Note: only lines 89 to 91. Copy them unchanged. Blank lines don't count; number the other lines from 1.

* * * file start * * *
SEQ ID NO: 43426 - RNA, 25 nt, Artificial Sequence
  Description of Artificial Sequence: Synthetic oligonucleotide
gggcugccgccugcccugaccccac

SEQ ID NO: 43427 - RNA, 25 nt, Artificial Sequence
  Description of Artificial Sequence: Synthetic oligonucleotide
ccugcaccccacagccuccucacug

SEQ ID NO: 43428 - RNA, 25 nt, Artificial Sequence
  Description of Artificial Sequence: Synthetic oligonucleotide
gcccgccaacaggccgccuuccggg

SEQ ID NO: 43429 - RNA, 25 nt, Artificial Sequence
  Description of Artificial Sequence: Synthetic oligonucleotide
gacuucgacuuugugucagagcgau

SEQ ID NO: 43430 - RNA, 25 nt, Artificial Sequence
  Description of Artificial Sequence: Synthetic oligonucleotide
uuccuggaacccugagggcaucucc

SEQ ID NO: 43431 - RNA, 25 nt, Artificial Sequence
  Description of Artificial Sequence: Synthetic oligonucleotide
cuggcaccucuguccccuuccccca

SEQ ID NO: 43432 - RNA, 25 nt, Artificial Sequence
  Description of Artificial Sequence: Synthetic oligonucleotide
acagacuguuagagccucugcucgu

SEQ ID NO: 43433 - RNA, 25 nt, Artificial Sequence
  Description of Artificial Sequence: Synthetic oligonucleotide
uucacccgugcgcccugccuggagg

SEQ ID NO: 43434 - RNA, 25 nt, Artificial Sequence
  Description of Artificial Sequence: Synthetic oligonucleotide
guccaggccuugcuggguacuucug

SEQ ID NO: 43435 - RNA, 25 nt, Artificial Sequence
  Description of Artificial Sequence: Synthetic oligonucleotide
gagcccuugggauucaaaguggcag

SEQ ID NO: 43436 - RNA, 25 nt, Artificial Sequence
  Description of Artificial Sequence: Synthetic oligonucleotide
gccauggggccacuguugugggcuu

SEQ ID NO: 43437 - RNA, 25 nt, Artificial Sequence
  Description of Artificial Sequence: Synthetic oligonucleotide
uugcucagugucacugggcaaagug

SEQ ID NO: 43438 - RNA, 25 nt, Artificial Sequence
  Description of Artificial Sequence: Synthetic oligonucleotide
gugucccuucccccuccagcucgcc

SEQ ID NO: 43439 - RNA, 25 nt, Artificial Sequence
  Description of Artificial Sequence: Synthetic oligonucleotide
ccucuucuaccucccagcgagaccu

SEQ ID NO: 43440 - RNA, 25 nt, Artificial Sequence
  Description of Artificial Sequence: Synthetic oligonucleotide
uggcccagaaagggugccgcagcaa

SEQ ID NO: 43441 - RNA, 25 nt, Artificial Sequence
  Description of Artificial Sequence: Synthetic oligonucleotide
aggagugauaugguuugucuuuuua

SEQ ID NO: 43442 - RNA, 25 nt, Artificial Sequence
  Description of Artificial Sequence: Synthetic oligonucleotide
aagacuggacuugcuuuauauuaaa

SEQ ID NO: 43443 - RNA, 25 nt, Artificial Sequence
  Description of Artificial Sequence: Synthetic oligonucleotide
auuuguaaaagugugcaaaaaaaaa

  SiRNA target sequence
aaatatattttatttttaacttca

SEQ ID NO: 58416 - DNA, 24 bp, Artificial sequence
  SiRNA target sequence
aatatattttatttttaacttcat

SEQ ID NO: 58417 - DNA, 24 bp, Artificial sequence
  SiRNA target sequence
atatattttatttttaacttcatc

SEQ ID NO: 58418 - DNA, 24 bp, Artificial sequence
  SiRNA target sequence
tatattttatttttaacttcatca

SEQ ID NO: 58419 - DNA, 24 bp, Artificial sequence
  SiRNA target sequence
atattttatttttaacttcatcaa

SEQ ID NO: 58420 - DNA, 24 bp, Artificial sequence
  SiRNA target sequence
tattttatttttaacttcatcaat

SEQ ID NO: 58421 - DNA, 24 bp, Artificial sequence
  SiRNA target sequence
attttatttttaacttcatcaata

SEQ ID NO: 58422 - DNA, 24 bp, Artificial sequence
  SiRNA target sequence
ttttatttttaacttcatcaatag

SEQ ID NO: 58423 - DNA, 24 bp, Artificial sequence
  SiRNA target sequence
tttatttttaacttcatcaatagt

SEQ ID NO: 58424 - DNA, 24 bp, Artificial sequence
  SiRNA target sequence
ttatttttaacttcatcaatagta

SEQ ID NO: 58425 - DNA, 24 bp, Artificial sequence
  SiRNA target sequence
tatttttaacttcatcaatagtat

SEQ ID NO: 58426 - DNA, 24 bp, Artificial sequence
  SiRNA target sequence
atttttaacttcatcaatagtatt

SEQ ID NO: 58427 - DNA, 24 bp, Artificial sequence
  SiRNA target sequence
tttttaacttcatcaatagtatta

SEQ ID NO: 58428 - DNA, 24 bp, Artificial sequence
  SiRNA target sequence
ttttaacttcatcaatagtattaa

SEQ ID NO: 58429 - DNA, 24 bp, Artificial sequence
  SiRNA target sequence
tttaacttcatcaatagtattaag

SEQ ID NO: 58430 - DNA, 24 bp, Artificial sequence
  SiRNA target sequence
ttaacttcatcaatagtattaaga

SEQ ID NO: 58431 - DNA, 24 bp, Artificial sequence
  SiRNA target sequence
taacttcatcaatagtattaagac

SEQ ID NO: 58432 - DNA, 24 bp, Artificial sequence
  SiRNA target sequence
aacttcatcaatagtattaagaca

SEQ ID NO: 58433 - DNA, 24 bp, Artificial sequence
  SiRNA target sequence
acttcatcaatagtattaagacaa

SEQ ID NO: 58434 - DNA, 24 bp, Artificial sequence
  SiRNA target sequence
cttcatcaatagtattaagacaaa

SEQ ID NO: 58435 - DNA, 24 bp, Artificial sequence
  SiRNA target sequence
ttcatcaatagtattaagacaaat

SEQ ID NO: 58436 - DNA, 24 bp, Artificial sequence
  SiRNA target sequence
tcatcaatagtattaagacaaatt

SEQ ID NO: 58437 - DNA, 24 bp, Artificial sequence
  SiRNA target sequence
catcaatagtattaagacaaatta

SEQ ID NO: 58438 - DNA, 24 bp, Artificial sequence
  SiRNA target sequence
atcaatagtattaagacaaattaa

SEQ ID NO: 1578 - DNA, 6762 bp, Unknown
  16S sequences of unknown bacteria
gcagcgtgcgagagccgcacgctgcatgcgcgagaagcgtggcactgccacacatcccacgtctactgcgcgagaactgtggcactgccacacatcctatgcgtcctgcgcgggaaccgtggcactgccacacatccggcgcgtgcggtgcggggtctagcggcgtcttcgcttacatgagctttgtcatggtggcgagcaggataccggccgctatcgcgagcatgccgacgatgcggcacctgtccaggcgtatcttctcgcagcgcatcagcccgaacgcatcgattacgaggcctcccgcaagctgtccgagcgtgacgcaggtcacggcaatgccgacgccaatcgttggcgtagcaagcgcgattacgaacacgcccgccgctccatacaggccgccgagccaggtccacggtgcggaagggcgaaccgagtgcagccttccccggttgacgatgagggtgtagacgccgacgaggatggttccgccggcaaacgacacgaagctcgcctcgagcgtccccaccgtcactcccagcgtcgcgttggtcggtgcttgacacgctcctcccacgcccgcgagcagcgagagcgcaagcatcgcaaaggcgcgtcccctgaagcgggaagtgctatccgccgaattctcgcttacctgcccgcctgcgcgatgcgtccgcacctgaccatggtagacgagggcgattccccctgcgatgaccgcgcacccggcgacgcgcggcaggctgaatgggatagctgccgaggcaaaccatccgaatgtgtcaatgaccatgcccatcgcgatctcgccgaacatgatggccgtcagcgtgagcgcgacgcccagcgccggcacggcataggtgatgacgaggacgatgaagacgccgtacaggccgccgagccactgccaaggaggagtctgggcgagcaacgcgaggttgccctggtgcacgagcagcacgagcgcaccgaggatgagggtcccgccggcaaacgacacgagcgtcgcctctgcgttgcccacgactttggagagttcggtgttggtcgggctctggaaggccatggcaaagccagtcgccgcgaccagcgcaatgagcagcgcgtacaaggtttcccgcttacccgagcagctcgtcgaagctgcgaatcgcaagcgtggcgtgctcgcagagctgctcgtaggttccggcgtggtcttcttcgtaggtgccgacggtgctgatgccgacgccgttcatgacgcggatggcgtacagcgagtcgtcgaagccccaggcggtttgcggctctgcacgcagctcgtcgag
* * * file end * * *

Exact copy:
atttttaacttcatcaatagtatt

SEQ ID NO: 58427 - DNA, 24 bp, Artificial sequence
  SiRNA target sequence